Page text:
What is a superbug?
The term superbug is a nonspecific word that is used to describe any organism that is resistant to at least one or more commonly used antibiotics. The most common bacteria described as superbugs are the following:
- MRSA (Staphylococcus aureus strains resistant to multiple antibiotics)
- VRE (Enterococcus species resistant to the antibiotic vancomycin)
- PRSP (Streptococcus pneumoniae strains resistant to penicillin)
- ESBL (Escherichia coli and similar bacteria that are resistant to a certain category of antibiotics, such as cephalosporins)
- CRE (Escherichia coli and similar bacteria that are resistant to the carbapenem antibiotics, which are often used as a last resort for ESBL and other resistant bacteria)
Emerging superbugs may include multiple drug-resistant Clostridium difficile, VRSA (vancomycin-resistant S. aureus), and NDM Escherichia coli (New Delhi metallo-beta-lactamase resistant E. coli), and some strains of gonorrhea. In 2013, the CDC set up a superbug site listing 18 different genera and species as "threats" due to antimicrobial resistance. They are categorized as urgent, serious, and concerning according to their potential to cause serious health problems; MRSA is ranked as serious. The U.S. National Institutes of Health funds research to develop new diagnosis tools, treatments, and vaccines against superbugs, including MRSA.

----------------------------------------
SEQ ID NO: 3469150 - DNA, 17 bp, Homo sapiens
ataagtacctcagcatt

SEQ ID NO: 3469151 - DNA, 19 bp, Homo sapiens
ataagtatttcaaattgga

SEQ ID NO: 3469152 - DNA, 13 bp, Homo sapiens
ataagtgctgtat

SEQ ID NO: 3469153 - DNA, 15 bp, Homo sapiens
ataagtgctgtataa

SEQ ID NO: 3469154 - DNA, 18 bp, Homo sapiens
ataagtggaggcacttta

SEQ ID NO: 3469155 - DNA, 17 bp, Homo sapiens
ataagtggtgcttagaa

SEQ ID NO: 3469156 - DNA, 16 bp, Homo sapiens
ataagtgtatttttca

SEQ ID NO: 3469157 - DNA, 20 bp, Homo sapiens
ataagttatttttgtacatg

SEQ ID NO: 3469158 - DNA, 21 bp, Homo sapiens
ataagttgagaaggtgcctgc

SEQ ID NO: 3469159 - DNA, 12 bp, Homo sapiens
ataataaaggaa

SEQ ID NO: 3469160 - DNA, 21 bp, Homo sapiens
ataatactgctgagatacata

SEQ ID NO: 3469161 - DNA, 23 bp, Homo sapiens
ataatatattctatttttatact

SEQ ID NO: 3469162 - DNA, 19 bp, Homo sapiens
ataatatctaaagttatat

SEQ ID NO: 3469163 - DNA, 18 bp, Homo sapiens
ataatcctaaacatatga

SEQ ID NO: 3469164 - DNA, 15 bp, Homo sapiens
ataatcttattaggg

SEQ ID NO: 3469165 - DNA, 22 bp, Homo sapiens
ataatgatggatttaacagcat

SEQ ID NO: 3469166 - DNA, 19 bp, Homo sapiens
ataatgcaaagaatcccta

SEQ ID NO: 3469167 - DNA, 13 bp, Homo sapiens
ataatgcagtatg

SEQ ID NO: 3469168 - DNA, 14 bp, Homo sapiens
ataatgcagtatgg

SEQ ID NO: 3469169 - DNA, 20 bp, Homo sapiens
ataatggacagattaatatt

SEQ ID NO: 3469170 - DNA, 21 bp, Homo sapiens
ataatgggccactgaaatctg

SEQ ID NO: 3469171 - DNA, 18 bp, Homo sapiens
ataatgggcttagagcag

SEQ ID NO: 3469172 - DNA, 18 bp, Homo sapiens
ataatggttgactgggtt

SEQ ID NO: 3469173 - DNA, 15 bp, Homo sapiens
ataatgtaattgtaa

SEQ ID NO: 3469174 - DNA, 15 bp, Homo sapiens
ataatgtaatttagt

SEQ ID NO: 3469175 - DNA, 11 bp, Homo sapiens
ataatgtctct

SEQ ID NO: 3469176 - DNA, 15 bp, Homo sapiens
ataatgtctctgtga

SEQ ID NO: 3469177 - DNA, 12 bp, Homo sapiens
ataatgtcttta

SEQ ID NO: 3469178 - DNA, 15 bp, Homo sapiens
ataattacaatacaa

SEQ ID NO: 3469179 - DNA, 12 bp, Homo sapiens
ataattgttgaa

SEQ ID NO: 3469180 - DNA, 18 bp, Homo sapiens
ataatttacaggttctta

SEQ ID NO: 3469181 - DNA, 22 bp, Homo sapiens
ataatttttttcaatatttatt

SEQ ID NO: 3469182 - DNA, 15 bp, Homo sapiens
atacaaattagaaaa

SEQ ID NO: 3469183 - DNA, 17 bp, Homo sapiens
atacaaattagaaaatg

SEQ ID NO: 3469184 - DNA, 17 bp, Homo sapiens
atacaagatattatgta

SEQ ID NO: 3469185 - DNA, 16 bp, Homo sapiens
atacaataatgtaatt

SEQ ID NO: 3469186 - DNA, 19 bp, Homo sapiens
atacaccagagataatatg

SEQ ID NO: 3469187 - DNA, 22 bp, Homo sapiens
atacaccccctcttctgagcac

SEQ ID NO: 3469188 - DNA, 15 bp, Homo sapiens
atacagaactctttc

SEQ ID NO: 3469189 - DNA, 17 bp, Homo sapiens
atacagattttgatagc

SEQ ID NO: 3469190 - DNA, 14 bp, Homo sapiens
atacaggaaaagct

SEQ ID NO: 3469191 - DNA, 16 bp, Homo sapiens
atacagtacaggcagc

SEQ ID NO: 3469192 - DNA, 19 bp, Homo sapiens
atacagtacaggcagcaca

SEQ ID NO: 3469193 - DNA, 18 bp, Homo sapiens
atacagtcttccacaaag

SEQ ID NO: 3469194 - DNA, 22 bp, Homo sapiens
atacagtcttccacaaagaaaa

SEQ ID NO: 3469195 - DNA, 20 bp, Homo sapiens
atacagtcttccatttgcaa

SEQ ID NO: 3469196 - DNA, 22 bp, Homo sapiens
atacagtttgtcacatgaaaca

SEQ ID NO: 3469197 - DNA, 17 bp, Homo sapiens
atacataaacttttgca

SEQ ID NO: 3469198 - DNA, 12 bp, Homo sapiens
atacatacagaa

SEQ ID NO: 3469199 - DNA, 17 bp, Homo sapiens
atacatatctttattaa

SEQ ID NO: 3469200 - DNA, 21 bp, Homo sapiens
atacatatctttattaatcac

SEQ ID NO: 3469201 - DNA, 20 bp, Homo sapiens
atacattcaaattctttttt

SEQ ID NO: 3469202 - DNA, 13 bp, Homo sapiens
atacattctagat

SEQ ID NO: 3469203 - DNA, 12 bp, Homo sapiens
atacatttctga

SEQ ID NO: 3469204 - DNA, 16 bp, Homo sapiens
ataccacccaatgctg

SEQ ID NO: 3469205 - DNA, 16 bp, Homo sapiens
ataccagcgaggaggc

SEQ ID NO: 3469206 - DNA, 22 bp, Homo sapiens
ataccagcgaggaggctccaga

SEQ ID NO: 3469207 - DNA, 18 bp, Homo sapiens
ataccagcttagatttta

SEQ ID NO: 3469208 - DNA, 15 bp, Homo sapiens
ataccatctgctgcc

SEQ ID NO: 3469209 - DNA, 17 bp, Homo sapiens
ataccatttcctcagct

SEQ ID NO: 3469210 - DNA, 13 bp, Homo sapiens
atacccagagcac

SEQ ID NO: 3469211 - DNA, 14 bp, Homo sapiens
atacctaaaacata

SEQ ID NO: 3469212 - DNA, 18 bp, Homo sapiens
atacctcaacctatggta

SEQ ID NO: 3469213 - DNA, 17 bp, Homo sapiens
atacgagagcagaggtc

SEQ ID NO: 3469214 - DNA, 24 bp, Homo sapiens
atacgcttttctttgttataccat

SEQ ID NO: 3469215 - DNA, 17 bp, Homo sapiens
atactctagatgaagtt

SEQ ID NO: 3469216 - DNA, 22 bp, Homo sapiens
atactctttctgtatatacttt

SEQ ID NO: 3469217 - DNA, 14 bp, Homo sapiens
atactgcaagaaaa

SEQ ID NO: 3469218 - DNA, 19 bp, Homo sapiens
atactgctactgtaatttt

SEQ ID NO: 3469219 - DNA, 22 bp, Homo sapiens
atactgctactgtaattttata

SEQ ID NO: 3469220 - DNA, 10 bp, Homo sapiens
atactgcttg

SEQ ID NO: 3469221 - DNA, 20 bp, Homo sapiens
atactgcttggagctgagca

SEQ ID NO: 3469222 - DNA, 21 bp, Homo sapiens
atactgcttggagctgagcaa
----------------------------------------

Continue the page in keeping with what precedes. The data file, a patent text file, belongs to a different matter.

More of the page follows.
Medically Reviewed on 8/23/2018
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